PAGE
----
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Writing just won't let you go: a profile of Katherine Nichols

KRN portrait For the past 20 years, Katherine Nichols has worked, in some way or another, as a writer.  Whether that means working as a print journalist or hosting a TV feature or, finally, penning the nonfiction book for teens DEEP WATER, Katherine has felt the pull of writing on her life.

"Though I have gone in other directions, I keep returning to writing because I love the challenge, the perpetual opportunity for learning and improvement," she said. "But it never gets easier. So perhaps a more honest answer is that it won’t let me go."

When she was a young girl, Katherine made mini-books out of construction paper. She describes these early literary pursuits as "average stories and terrible illustrations," but with typical childlike aplomb, she demanded an audience of her family members.

In addition, like so many other writers, Katherine was a reader. As a child, her parents not only read aloud to her, but modeled the life of a reader by being avid consumers of the written word themselves.

In school, Katherine felt herself drawn to English classes. "I found them so enjoyable that I would save the homework for last," she said, "as a reward after finishing math and chemistry and biology."

Partly out of the necessity of having a steady paycheck, Katherine turned to journalism, saying, "If you’re not a bestselling author, it’s tough to make a living from fiction. Journalism jobs and assignments came more easily to me."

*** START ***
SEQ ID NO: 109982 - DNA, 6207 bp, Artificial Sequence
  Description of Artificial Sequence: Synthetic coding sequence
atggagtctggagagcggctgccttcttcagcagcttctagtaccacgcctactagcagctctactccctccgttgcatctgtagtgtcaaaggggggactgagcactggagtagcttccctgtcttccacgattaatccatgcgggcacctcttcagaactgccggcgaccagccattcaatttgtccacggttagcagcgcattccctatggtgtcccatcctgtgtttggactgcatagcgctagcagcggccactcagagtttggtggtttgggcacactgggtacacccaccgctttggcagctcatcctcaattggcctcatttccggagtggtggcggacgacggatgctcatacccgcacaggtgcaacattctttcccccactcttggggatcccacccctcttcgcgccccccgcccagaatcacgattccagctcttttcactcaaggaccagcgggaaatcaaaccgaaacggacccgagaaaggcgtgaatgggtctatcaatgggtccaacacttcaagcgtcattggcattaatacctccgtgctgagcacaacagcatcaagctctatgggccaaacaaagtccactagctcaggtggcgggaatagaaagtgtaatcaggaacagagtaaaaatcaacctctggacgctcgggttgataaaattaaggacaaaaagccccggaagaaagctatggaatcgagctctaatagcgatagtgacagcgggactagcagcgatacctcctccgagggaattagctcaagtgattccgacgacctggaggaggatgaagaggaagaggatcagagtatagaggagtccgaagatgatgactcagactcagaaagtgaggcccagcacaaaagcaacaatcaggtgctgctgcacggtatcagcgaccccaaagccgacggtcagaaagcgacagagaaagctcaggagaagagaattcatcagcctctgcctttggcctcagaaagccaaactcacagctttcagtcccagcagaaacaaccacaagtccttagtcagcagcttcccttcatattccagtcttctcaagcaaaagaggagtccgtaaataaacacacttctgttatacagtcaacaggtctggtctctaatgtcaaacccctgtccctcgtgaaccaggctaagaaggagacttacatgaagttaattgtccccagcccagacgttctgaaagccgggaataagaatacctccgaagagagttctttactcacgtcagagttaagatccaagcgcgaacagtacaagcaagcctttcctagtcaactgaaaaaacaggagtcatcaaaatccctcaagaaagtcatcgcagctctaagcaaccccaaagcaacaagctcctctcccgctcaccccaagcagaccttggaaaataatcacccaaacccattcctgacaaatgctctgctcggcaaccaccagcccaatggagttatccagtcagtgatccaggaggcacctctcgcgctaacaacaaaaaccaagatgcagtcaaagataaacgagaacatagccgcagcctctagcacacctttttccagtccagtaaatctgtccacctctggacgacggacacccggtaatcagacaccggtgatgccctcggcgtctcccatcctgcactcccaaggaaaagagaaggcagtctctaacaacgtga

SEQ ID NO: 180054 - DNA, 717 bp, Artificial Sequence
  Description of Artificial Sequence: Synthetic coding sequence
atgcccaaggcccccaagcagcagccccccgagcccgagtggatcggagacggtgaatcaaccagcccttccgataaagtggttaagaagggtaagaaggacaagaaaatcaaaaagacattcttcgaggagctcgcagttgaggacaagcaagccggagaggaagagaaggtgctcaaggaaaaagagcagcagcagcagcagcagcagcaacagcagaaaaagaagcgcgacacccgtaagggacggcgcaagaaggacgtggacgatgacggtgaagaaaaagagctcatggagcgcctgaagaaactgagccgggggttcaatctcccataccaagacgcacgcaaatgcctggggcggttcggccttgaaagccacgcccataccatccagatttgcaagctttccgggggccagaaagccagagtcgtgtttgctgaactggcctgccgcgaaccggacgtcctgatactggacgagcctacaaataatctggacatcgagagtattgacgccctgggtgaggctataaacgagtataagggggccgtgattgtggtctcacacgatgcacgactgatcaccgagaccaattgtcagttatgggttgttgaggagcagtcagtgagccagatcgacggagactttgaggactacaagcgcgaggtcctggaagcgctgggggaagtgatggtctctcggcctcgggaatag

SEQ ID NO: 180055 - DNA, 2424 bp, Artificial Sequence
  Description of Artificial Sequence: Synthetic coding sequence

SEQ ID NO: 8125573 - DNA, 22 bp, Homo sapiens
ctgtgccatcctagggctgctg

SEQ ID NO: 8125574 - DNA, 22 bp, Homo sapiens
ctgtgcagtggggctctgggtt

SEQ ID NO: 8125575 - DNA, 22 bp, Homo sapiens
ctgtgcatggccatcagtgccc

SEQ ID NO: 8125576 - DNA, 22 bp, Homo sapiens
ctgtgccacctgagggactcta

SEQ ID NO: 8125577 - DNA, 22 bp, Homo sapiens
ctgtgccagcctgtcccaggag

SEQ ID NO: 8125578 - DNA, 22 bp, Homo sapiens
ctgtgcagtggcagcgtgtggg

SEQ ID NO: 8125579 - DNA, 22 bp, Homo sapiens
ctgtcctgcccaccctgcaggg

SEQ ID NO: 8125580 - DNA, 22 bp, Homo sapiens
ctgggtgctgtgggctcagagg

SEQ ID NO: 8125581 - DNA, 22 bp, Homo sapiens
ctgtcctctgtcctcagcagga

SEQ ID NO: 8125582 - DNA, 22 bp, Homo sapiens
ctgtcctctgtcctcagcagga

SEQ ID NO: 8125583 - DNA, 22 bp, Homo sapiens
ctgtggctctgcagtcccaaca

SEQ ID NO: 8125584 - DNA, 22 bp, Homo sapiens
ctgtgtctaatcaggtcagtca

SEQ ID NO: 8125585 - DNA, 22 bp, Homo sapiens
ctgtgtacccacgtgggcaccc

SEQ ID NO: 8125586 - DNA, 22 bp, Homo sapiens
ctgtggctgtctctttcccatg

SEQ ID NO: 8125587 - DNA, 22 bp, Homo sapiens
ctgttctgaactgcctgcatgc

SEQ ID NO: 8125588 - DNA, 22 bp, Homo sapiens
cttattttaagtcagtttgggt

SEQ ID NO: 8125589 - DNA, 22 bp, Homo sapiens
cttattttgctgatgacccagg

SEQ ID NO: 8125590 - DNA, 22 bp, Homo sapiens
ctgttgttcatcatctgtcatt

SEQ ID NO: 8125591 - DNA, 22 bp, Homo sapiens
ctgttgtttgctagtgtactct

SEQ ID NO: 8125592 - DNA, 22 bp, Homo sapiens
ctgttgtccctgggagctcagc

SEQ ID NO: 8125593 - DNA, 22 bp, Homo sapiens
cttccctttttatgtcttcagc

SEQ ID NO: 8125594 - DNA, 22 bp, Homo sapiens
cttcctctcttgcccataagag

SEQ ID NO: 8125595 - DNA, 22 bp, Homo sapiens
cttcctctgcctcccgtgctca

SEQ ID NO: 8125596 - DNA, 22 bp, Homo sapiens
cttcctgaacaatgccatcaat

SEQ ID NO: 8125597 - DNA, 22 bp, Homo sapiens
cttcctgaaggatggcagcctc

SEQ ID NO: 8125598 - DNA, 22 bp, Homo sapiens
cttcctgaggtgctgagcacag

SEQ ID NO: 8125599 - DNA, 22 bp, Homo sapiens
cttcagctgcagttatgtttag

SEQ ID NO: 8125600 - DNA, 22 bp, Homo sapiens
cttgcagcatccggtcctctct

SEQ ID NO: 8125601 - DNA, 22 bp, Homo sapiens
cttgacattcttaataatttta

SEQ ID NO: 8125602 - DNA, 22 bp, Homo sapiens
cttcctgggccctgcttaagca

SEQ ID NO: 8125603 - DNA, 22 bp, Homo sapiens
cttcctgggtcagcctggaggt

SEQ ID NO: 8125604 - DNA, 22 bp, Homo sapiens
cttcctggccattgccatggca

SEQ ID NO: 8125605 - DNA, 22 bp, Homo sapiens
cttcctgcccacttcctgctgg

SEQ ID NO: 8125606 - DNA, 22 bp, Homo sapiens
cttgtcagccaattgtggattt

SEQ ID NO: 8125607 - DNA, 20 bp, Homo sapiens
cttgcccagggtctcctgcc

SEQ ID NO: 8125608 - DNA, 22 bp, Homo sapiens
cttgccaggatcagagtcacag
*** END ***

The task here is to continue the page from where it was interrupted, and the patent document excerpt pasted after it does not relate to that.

But her choice of this career isn't entirely pragmatic, though that is of course a big part. She said she's a naturally curious person who enjoyed that journalism allowed her to learn about others, in essence to have a brand-new education in a new field almost every day.

Plus, there was the added benefit of being able to help someone with her stories. Early in her career, she published a story about a young man who, after a car accident, became a quadriplegic. He taught himself to paint by holding the brush in his teeth, and Katherine's feature on him was published by the San Diego Union.

"It ... brought attention to his work," she said. "The idea that I could do something positive by telling someone else’s story inspired me."

Fireside Chat Reminder copy

Katherine's debut book, DEEP WATER, released May 2 from Simon True, an imprint of Simon & Schuster, tells the story of a group of young men from Coronado, California, who during the summer of 1971 begin a drug-smuggling business that turns into a booming, $100 million endeavour. The catch? They are all athletes who swim the drug packages across the border.

It's an intriguing story, and one that Katherine was familiar with as someone who grew up in Coronado.

"Growing up [in] the small beach town and graduating from the same high school gave the narrative an insider’s perspective," she said.

Although she originally planned to fictionalize the tale of the Coronado Company, Katherine ended up writing it as a nonfiction book after Simon True approached her with the idea.

In speaking about the experience of writing the book, Katherine acknowledged that there was something freeing in writing about criminals (with the caveat that they were non-violent ones).

"It was rewarding to transcend that judgment, to find other ways to connect with their experiences," she said. "Because we are all human beings with needs, desires, strengths, and flaws that influence our choices. Who among us has not made a mistake with potentially serious consequences?"

DEEP WATER can be purchased on Amazon and more information about the book can be found on Facebook. Feel free to check out Katherine's website or follower her on Twitter to stay up to date with her writing.

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